Animal Hoarders: In Over Their Heads

For an animal rights activist, I guess I pretty much stink.  I don’t believe that animals should vote, like Peter Singer.  Interestingly, this newer (1989 – Peter Singer’s origination of the animal rights movement dates back to the 1970’s and a landmark book called Animal Liberation) essay discusses the rights of mentally-incapacitated humans vs. dogs, which Singer refers to as “irrational”.

I do not see Badger, who is currently lying on his side in the sun, as “irrational”.  I think he is a pretty smart dog.  Many people would not be smart or rational enough to do any number of things Badger has done to get his heart’s desire – in particular, the “chicken trick” and the amazing grilled-cheese sandwich leap of faith.

Oftentimes, animals are a lot more rational than people, which brings me to the sad, yet pervasive problem of people who establish animal rescues, but quickly get “in over their heads,” ending up with dozens, and even hundreds of animals living in cramped, unsanitary and sometimes deadly conditions.  I was planning on covering endangered avians this week, and I found that one of the most recent news stories was this one, about an exotic bird rescue that had to be raided near Baltimore.  Over 80 macaws, cockatiels and conures were rescued by Brian Wilson and his friends from a well-meaning breeder last weekend.  19 people showed up to help, and spent all night washing cages and getting the birds ready to move to Wilson’s safe rescue.

BrianbirdrescuerThis is Mr. Wilson and his clean, safe rescue area.  He and friends are seeking to get the birds adopted to safe homes as soon as possible.

On a common basis, we know this problem as “crazy cat lady” and “nutty dog guy”.  I first heard “in over their heads” at the bi-annual Pet Adoption fair at the La Brea tar pits.

A cat rescue branched out into trying to help and adopt over 200 dogs that were kept in horrible conditions by an “animal hoarder” in Lancaster.  Meredith thought one of the dogs was cute, and was thinking about adopting it.  We took the dog for a walk and visited with him and the rescuers for quite a while.  They told about the type of conditions the animals had been found in, and explained the different behaviors of the “rescue” dogs, who were all coming around, but who all had many problems related to the horrible conditions in which they had been kept, from behavioral and psychological issues to serious illnesses.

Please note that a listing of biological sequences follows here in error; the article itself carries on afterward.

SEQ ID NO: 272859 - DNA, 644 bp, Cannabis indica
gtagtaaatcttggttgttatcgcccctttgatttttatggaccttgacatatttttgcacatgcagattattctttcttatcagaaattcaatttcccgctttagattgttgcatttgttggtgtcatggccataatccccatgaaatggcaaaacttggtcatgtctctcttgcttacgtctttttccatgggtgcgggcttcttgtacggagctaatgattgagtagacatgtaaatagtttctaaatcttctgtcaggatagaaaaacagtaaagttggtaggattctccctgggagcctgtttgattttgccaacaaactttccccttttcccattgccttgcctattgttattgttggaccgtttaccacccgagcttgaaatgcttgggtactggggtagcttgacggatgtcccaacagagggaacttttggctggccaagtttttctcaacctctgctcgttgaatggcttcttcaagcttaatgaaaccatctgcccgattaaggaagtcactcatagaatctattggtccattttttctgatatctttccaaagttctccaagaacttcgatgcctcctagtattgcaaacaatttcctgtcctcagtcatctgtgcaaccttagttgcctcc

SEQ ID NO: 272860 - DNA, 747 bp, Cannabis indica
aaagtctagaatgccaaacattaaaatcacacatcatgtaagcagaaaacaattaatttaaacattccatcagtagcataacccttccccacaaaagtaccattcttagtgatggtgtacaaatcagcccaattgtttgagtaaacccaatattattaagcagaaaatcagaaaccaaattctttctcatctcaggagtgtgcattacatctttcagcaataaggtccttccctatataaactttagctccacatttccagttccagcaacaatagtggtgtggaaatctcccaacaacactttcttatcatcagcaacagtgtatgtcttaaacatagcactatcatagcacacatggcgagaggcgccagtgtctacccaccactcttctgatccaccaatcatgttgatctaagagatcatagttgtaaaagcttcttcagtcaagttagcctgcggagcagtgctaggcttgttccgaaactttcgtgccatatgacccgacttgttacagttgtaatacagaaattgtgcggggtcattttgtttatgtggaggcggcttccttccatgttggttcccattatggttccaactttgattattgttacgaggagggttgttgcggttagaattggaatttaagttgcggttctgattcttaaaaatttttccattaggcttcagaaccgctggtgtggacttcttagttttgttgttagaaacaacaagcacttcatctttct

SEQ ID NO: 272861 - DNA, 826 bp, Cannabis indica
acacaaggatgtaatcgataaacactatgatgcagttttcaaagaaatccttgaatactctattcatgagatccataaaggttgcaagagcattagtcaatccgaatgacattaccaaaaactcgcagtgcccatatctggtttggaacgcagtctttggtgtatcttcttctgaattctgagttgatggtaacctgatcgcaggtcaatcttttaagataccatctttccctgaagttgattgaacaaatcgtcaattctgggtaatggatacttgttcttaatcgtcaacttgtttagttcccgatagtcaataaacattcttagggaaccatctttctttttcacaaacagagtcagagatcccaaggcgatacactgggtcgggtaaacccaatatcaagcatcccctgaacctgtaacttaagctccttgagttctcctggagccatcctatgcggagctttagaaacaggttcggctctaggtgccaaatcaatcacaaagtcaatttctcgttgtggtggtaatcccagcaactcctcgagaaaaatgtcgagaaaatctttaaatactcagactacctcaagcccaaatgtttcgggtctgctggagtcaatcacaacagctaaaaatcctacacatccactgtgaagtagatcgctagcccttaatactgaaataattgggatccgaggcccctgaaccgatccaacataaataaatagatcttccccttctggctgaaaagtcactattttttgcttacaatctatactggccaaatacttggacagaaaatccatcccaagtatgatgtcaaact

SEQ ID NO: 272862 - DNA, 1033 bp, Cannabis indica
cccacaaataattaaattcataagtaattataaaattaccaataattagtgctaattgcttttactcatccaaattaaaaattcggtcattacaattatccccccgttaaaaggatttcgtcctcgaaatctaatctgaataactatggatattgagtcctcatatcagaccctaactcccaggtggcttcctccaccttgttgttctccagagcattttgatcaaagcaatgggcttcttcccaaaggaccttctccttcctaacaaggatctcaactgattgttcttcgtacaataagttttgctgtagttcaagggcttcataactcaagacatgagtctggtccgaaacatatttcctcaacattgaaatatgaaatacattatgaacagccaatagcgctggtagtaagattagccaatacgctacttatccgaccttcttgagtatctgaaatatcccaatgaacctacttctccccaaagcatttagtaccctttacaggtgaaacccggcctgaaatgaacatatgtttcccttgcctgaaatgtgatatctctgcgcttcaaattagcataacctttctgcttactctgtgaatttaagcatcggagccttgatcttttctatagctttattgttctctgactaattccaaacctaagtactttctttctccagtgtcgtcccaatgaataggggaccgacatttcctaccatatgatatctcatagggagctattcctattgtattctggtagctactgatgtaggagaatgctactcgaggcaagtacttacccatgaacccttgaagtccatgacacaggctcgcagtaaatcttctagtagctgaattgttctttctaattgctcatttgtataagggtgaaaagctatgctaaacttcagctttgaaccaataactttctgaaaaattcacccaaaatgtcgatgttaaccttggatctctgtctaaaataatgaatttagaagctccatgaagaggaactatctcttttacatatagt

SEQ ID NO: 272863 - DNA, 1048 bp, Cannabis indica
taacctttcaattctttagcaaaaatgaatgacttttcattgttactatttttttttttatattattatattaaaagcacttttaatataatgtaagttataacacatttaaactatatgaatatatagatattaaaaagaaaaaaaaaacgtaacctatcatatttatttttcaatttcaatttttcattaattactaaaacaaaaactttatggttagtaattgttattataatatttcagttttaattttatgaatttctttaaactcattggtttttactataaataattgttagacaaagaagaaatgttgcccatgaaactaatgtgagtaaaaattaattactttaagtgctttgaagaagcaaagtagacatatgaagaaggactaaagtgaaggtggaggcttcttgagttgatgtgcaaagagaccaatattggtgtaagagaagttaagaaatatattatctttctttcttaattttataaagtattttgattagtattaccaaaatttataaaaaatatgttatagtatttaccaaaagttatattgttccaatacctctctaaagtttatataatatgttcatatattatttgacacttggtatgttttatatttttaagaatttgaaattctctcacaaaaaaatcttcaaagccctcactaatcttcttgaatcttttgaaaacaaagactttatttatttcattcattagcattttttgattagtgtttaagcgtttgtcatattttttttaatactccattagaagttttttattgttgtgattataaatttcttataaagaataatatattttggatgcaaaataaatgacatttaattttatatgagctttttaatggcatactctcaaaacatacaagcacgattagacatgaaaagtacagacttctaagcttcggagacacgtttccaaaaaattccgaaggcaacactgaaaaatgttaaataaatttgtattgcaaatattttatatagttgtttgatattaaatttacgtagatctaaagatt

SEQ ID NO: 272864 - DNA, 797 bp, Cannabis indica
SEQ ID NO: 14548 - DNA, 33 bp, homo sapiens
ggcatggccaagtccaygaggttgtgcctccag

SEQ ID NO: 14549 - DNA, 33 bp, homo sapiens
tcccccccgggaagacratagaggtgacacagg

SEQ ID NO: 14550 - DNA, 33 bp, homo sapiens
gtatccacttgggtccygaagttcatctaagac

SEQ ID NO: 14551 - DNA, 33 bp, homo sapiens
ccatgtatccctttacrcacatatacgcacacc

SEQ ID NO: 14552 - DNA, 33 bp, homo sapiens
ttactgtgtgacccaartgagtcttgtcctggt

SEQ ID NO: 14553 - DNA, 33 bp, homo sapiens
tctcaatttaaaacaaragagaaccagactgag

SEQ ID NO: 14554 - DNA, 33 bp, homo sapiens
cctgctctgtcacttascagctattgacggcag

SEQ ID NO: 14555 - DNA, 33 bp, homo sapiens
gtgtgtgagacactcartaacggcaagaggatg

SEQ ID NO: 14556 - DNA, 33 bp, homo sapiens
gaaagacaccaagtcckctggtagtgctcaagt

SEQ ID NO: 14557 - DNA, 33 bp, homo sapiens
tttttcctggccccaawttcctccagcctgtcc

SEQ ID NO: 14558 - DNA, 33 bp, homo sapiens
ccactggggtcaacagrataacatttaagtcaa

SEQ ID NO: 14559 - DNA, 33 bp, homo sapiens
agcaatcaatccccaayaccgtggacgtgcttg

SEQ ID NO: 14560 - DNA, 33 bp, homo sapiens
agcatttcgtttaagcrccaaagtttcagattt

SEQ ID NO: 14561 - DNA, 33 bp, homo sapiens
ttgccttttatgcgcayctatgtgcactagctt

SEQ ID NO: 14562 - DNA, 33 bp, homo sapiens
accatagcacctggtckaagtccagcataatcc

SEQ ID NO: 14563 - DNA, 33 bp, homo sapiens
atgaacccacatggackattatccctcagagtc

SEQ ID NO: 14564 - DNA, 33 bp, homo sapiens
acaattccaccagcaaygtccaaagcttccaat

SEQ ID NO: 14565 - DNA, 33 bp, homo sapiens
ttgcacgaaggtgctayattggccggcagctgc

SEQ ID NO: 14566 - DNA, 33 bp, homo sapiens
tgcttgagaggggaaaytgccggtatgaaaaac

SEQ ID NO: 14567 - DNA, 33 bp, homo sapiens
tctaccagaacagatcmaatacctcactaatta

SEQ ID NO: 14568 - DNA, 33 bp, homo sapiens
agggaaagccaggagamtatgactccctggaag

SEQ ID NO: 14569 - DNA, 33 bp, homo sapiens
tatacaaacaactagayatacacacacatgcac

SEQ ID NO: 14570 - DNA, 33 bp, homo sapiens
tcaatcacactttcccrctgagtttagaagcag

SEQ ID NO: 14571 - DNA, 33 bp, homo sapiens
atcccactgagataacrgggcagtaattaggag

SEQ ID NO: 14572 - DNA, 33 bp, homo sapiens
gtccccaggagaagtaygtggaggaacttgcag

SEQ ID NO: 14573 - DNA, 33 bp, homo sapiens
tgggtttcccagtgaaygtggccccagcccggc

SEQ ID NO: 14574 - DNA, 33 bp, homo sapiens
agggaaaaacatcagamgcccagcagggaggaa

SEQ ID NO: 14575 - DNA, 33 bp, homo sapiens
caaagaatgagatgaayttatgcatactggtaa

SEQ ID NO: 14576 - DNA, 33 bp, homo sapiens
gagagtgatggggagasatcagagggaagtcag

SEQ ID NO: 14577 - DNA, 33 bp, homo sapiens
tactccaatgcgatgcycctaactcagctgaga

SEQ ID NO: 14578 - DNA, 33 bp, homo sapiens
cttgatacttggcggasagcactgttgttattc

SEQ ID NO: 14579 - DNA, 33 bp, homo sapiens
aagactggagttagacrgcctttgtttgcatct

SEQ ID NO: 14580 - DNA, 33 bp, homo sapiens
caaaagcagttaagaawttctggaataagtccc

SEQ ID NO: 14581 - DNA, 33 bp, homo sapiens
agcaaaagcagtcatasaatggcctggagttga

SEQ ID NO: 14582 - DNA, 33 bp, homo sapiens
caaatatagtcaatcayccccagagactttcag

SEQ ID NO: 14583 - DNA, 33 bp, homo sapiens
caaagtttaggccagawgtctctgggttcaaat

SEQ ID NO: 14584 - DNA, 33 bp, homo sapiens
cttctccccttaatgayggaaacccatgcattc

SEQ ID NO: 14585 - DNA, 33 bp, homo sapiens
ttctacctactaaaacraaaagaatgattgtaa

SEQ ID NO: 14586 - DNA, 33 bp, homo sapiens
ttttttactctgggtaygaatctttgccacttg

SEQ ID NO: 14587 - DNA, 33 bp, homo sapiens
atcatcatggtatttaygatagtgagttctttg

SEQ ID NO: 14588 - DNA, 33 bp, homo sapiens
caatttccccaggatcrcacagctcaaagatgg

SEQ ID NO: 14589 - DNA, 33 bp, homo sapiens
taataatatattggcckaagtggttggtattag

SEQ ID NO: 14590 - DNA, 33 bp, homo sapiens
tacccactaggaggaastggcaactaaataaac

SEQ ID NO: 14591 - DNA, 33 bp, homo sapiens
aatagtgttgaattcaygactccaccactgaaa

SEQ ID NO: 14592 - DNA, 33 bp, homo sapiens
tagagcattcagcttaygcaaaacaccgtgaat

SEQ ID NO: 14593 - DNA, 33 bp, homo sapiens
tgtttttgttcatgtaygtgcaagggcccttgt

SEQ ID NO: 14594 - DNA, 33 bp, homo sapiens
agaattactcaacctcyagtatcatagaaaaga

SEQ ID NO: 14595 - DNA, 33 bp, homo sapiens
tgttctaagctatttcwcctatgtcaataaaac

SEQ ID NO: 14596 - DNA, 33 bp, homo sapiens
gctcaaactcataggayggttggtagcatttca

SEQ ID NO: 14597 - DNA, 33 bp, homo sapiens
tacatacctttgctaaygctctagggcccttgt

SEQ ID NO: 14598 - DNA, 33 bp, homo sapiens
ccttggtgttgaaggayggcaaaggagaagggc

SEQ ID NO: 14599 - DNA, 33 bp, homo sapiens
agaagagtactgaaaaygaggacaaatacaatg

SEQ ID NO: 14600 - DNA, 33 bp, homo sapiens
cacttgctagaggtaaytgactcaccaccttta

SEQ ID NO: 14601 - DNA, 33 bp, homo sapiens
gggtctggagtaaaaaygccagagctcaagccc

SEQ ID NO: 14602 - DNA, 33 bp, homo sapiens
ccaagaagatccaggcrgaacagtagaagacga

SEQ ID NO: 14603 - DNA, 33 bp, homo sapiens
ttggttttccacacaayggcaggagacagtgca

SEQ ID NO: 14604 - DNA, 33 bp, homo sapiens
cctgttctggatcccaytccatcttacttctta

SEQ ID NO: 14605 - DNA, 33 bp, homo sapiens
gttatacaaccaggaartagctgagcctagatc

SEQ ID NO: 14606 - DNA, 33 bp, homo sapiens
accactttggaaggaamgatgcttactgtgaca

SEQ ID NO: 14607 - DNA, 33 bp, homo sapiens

This news article about a serial “cat hoarder” explains the phenomenon in common language. This lady had hoarded more than a hundred cats in two different locations, and was a two-time bail jumper on animal cruelty charges.  A tip led to her capture when she rented a motel room with 14 live cats and one dead one – in the freezer.  The stench coming from the room after only three days was what tipped off authorities.  Apparently, she had converted the motel bathroom into a giant litter box.  When finally caught, the senior citizen was found in a senior apartment complex nearby, living under an assumed name, that turned out to have been the name of a newspaper reporter killed in a car crash in Iraq in 2003.

Tell me this lady didn’t know she was doing anything wrong.  She was so committed to her hoarding habit that even at an older age, she was behaving like a bank robber, identity thief, or serial conman.

This NPR article also covers the Lancaster dog hoarding case.  The article says that the Humane Society reports that between 700 and 2,000 hoarding cases are reported every year.  Tufts University Veterinary Medicine department has a center dedicated to researching animal hoarding cases and working to prevent them.  According to the Center,

“Animal hoarding is not about animal sheltering, rescue or sanctuary, and should not be confused with these legitimate efforts to help animals.  It IS about satisfying a human need to accumulate animals and control them, and this need supercedes the needs of the animals involved.”

Animal hoarding, as it begins to be studied, is being linked to “object hoarding,” a phenomenon that is well-known, and linked to Obsessive-Compulsive Disorder.


This is a picture taken from the home (kitchen) of someone who was hoarding cats.

What can I, you – or we – do?  Increasingly, legitimate animal rescues, animal welfare authorities, law enforcement and veterinarians are becoming aware of the problem of hoarding.  They now understand that it will not “get better” on its own, and that it dooms the animals to either a horrible death with the hoarder, or often, the necessity for humane euthanasia, because the animals become so ill, starved and dehydrated, or develop understandable, extreme behavior problems due the conditions in which they have been kept.  These are not “feral” cats or dogs, so much as they are animals kept in torture-like conditions that are potentially deadly.  If that picture disgusts you, why should the cat or dog like it any better?  Sometimes the animals even cannibalize others that have been entrapped with them, and that die and are left in place by the hoarder (to whom I feel no sympathy whatsoever, even though I do feel sorry for “object hoarders” with OCD).  Trash can be hauled away and dumped.  Animals are living beings – not trash.

If you know of such a situation or potential situation, chances are much better today that a call to the authorities will provide a quick intervention than they were even a few years ago, when the excuses of the hoarder had a better effect, before all the facts were known.  That is really all that we can do, if we come across this terrible situation.

As to the young dog that Meredith and I considered taking in, we felt that it simply had too many problems for it to be feasable for us to bring it into our home.  We already have Badger, Mr. Hammy and the fish family, and that is plenty for us.


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